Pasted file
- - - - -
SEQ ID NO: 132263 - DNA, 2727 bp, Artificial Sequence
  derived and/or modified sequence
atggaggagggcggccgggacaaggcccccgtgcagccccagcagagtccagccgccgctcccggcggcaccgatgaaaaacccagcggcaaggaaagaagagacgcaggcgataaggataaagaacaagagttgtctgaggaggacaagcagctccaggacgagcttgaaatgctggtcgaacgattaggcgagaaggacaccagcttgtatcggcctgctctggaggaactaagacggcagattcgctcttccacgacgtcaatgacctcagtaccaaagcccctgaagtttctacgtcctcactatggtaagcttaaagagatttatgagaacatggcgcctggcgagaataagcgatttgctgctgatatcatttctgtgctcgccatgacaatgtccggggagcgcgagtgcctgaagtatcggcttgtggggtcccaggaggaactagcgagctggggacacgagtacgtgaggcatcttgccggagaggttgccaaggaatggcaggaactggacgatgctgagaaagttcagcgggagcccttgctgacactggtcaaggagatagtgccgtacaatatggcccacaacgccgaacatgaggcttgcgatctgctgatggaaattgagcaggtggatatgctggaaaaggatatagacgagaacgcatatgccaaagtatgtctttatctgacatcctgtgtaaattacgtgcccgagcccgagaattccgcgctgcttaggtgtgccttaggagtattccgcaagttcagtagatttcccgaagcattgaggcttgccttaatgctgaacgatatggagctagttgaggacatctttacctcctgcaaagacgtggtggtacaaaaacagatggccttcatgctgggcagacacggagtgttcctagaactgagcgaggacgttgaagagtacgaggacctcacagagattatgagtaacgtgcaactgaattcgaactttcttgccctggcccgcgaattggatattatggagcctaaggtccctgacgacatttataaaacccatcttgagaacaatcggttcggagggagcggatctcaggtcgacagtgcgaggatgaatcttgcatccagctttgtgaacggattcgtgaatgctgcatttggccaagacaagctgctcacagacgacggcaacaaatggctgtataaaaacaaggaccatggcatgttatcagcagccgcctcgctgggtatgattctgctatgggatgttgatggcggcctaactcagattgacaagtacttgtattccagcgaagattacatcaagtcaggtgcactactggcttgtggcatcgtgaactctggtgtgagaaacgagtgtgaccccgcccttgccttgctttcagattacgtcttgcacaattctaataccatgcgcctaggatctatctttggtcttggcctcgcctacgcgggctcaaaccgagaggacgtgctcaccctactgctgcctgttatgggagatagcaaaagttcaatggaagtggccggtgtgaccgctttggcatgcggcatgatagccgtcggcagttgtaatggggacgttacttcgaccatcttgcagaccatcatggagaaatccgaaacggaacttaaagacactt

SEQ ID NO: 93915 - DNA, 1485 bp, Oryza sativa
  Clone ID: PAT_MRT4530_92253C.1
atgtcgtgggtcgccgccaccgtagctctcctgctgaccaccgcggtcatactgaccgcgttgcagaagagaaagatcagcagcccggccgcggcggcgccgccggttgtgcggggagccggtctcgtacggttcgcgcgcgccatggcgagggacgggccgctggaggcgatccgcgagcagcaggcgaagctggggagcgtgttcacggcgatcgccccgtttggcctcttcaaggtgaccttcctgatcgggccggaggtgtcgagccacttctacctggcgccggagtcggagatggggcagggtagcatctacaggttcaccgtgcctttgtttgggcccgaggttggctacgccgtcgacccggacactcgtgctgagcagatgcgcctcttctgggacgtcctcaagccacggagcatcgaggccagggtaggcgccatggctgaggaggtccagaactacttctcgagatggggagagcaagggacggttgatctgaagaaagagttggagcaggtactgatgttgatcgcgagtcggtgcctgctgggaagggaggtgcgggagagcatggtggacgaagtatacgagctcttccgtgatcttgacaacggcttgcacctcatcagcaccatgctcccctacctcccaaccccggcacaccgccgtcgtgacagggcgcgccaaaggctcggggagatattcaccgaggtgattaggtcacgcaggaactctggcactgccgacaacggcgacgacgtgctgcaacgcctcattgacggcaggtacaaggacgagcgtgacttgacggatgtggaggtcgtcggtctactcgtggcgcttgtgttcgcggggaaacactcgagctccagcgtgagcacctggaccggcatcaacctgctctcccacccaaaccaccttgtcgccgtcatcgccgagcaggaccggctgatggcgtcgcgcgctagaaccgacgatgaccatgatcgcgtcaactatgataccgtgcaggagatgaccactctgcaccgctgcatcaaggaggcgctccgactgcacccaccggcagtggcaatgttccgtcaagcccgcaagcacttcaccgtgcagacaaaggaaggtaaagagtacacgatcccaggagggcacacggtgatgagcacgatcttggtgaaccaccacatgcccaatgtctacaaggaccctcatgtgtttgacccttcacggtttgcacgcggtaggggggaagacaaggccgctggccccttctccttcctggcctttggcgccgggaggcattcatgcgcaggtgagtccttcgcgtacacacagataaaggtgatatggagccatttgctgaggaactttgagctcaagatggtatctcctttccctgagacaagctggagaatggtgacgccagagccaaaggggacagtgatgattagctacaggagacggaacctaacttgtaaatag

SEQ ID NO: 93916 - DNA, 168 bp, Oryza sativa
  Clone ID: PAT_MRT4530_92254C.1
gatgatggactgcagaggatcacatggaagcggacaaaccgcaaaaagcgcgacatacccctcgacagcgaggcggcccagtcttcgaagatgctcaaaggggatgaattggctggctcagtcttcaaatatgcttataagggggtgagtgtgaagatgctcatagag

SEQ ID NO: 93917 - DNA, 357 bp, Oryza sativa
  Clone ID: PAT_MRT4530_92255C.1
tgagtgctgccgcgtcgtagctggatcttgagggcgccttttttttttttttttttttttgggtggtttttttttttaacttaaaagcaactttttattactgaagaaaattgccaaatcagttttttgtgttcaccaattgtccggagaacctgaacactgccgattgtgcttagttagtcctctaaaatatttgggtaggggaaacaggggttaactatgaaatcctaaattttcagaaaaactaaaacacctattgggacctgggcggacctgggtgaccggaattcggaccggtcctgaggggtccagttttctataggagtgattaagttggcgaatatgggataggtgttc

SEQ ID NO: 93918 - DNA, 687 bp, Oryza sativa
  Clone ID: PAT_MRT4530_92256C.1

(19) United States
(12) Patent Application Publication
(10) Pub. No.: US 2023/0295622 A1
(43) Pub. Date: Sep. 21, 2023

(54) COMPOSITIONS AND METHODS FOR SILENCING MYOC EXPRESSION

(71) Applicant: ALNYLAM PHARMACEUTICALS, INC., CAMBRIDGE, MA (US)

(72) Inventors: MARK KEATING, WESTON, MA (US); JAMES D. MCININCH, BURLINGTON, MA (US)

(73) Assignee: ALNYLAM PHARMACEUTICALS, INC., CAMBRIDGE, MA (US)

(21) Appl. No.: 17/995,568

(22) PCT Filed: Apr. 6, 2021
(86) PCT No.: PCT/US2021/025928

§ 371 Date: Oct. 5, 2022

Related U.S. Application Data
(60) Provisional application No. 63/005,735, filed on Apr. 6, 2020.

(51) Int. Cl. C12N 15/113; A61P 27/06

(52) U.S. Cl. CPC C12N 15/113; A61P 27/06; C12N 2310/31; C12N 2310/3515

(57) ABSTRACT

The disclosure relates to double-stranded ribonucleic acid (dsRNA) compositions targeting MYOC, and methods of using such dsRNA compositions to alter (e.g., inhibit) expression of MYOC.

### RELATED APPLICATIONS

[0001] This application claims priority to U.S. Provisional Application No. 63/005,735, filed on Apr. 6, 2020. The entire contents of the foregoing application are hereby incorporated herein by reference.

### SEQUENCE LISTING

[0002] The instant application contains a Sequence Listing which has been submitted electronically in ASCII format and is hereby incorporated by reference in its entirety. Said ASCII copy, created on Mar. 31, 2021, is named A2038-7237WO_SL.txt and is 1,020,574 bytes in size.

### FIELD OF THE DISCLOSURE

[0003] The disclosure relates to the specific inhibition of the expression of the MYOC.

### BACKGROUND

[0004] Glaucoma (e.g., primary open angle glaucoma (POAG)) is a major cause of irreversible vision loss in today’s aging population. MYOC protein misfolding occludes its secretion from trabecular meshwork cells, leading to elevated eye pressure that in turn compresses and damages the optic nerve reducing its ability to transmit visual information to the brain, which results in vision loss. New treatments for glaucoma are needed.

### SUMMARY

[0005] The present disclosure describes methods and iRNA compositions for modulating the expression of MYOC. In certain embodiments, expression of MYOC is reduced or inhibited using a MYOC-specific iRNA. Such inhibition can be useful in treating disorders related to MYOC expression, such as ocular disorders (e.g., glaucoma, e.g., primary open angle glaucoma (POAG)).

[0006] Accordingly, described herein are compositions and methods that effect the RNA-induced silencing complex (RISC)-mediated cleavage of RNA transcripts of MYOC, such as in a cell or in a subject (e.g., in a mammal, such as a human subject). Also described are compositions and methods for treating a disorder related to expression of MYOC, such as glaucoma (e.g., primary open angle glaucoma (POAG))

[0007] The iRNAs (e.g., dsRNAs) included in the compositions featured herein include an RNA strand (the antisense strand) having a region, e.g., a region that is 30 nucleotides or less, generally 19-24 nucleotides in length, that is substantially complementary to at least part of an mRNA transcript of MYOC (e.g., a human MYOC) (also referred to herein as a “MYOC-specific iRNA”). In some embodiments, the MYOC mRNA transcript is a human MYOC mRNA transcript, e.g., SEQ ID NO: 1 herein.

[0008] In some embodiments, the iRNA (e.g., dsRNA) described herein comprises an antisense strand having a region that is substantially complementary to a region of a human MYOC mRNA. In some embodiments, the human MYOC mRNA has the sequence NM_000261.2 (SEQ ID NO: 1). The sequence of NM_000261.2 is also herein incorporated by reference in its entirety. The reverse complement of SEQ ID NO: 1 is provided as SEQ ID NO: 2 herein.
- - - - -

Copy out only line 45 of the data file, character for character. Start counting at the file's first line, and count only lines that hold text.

[0008] In some embodiments, the iRNA (e.g., dsRNA) described herein comprises an antisense strand having a region that is substantially complementary to a region of a human MYOC mRNA. In some embodiments, the human MYOC mRNA has the sequence NM_000261.2 (SEQ ID NO: 1). The sequence of NM_000261.2 is also herein incorporated by reference in its entirety. The reverse complement of SEQ ID NO: 1 is provided as SEQ ID NO: 2 herein.